Book: The City of Brass (Daevabad Trilogy #1)
Author: S.A. Chakraborty
BECHDEL TEST: PASS: Nisreen and Nahri discuss Nisreen’s origins.
Content Warnings: Mentions of rape, ableist slurs, racism, violence (war, torture, death), genocide, sexism, brief scenes of self-harm
The City of Brass was my #RockMyTBR book for April, and also my book club’s Pick it For Me read for April as well, where we each get paired up with someone else who chooses a book for us to read. I’ve been looking forward to this one for a while, but as it’s a lengthier book, I just hadn’t had time to read it. Enter several weeks of mandatory lockdown and ta-da, suddenly I have all the time in the world to read lengthier books!
Anyway, all jokes aside, I was really looking forward to this one, and I’m glad to say that I did really enjoy it. It’s a little slow paced at times, but I loved the characters and the world-building and with the way the book ended, I’m definitely looking forward to reading the sequel as soon as I download the audiobook onto my phone! Here is a short synopsis of the book:
Nahri has never believed in magic. Certainly, she has power; on the streets of 18th century Cairo, she’s a con woman of unsurpassed talent. But she knows better than anyone that the trade she uses to get by—palm readings, zars, healings—are all tricks, sleights of hand, learned skills; a means to the delightful end of swindling Ottoman nobles.
But when Nahri accidentally summons an equally sly, darkly mysterious djinn warrior to her side during one of her cons, she’s forced to accept that the magical world she thought only existed in childhood stories is real. For the warrior tells her a new tale: across hot, windswept sands teeming with creatures of fire, and rivers where the mythical marid sleep; past ruins of once-magnificent human metropolises, and mountains where the circling hawks are not what they seem, lies Daevabad, the legendary city of brass-a city to which Nahri is irrevocably bound.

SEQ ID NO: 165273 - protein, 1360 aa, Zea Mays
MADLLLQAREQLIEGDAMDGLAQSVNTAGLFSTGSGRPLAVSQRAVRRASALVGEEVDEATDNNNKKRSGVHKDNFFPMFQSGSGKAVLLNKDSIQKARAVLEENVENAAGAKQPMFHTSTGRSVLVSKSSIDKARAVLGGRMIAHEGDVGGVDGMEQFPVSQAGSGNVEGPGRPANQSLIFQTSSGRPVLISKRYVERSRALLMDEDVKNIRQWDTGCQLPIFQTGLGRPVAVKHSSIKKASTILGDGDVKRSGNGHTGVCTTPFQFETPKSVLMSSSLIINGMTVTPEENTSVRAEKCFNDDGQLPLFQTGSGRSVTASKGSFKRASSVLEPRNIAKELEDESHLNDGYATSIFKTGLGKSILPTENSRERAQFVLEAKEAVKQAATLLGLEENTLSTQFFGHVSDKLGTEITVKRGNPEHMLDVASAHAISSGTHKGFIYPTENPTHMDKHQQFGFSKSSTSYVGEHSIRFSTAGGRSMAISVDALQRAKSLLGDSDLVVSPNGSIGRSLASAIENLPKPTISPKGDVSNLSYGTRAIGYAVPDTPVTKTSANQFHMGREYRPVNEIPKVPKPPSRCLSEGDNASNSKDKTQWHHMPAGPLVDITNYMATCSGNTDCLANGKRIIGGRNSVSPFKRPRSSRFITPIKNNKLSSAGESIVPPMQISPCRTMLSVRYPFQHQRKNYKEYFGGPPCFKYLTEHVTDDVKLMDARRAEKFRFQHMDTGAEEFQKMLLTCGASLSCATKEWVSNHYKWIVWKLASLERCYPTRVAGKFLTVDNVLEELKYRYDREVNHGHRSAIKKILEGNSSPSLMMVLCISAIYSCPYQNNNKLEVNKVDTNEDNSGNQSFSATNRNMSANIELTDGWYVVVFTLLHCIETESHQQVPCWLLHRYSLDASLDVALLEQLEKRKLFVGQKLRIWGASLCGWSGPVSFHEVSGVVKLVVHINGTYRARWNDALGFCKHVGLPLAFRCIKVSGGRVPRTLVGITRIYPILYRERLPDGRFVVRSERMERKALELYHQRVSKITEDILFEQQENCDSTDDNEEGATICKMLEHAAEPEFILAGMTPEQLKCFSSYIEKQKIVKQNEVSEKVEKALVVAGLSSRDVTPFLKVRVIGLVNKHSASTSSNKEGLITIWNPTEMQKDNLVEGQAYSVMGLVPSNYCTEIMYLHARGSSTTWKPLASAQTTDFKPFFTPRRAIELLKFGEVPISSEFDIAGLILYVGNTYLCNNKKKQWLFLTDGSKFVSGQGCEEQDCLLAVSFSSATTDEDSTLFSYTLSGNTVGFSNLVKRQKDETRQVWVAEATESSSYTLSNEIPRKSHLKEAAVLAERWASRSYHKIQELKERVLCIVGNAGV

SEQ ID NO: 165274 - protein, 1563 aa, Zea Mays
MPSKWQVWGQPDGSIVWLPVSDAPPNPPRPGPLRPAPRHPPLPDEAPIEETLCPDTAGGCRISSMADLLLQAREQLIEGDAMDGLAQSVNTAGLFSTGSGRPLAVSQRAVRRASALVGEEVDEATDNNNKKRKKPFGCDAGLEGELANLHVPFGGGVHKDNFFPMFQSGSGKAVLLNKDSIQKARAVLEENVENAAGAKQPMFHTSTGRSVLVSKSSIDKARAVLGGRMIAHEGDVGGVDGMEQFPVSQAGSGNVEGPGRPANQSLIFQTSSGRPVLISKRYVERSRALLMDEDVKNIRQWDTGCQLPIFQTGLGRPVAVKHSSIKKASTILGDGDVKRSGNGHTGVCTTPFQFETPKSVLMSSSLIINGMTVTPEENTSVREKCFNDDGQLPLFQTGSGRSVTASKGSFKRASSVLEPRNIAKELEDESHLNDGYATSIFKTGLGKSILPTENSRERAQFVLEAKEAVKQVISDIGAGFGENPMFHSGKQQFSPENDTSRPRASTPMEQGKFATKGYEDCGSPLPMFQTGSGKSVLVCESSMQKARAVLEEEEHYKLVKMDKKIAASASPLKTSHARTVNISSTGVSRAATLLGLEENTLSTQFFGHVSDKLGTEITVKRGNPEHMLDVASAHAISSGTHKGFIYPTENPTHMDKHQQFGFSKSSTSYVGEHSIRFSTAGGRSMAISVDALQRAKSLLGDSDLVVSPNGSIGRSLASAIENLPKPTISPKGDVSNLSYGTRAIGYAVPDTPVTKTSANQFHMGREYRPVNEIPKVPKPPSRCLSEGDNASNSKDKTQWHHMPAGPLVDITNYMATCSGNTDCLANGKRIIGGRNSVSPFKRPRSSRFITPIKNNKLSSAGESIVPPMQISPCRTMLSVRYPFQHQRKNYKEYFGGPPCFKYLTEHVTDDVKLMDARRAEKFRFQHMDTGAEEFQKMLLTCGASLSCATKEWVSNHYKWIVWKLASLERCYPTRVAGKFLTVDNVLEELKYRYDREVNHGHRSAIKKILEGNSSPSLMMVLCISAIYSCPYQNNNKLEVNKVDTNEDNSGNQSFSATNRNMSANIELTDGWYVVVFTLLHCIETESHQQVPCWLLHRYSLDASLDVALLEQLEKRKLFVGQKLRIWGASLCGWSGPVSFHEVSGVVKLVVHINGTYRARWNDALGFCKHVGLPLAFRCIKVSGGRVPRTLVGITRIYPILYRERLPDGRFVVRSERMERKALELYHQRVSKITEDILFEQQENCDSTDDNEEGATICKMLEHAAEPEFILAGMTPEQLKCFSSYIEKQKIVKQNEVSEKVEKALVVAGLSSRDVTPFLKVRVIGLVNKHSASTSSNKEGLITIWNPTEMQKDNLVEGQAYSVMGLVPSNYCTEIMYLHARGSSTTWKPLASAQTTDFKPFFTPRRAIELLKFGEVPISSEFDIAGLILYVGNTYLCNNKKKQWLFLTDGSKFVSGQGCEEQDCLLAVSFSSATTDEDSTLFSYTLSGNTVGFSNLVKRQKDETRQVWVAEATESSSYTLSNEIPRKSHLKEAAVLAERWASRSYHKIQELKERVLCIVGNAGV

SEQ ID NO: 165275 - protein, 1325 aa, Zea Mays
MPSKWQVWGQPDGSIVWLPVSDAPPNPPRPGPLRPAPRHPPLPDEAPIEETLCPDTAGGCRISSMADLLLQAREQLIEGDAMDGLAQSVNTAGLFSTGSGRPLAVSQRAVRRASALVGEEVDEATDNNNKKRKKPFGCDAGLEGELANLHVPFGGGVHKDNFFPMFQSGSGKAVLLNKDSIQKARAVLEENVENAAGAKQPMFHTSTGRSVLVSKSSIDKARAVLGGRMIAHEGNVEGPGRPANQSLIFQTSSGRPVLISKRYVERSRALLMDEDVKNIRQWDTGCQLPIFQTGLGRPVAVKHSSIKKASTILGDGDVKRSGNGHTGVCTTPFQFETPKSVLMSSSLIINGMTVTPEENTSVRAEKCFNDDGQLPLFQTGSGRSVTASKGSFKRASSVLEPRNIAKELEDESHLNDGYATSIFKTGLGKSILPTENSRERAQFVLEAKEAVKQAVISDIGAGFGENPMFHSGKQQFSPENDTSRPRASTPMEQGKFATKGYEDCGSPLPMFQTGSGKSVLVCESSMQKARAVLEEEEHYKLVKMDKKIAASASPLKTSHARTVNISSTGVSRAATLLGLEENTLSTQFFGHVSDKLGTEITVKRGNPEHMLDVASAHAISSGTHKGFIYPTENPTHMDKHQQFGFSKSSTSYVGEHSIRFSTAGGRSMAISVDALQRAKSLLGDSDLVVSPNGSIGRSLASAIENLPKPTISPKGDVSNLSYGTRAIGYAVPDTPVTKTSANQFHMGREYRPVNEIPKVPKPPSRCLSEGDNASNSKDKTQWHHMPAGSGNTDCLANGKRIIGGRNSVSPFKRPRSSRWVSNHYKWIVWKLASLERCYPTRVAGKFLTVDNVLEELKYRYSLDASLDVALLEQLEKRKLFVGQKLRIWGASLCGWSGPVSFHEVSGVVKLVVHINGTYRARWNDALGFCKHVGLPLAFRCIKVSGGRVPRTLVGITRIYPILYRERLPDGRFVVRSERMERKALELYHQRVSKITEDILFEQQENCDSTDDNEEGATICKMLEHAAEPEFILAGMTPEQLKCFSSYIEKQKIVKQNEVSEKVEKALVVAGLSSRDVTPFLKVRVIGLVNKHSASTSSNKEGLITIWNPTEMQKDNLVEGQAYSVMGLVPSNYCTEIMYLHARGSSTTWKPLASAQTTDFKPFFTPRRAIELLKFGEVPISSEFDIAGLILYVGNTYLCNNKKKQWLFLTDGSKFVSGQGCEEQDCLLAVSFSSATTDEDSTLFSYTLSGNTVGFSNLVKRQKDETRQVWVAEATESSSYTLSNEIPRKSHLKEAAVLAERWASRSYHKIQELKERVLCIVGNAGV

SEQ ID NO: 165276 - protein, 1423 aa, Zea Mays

In that city, behind gilded brass walls laced with enchantments, behind the six gates of the six djinn tribes, old resentments are simmering. And when Nahri decides to enter this world, she learns that true power is fierce and brutal. That magic cannot shield her from the dangerous web of court politics. That even the cleverest of schemes can have deadly consequences.
After all, there is a reason they say be careful what you wish for .
I think I should start this one with the world building because the world was probably my favourite part of this. It’s incredibly detailed and immersive, though I can definitely see where it would cause some confusion, I was definitely glad of the glossary at the back and the information about all the different Djinn tribes as it made it much easier to keep track of everything.
Everything about this world was so well thought through though, the food, the clothing, the languages, the setting and as a reader who loves that kind of immersion in a world, I really appreciated it. I kind of wish there had been a map, but I was reading an ARC so I don’t know if there was one in the finished book. The whole Egyptian inspired culture was brilliant as well, I love it when I read fantasy books that aren’t based on European cultures. The Djinn histories and rivalries between all the different tribes were quite complicated, but it was all well thought through and I did manage to follow.
I also really loved Nahri, one of the two POV characters in this book. She’s smart, she’s streetwise, she’s funny, it was really easy for me to connect with her and root for her throughout the book. I liked that she struggled with her new powers as well, I feel so often when you have a character who is coming into a world they are unfamiliar with, they slide into that new world way too easily so I appreciated seeing her struggle in her new surroundings. Her chapters were definitely my favourite of the two POVs in this book. I’d love to have her ability to speak pretty much any language!
Ali, the other POV character in this book, took a little longer to grow on me. He’s quite uptight and a little obnoxious at first, but as the book went on, he grew on me more and more and by the end, he had definitely achieved must protect at all costs status.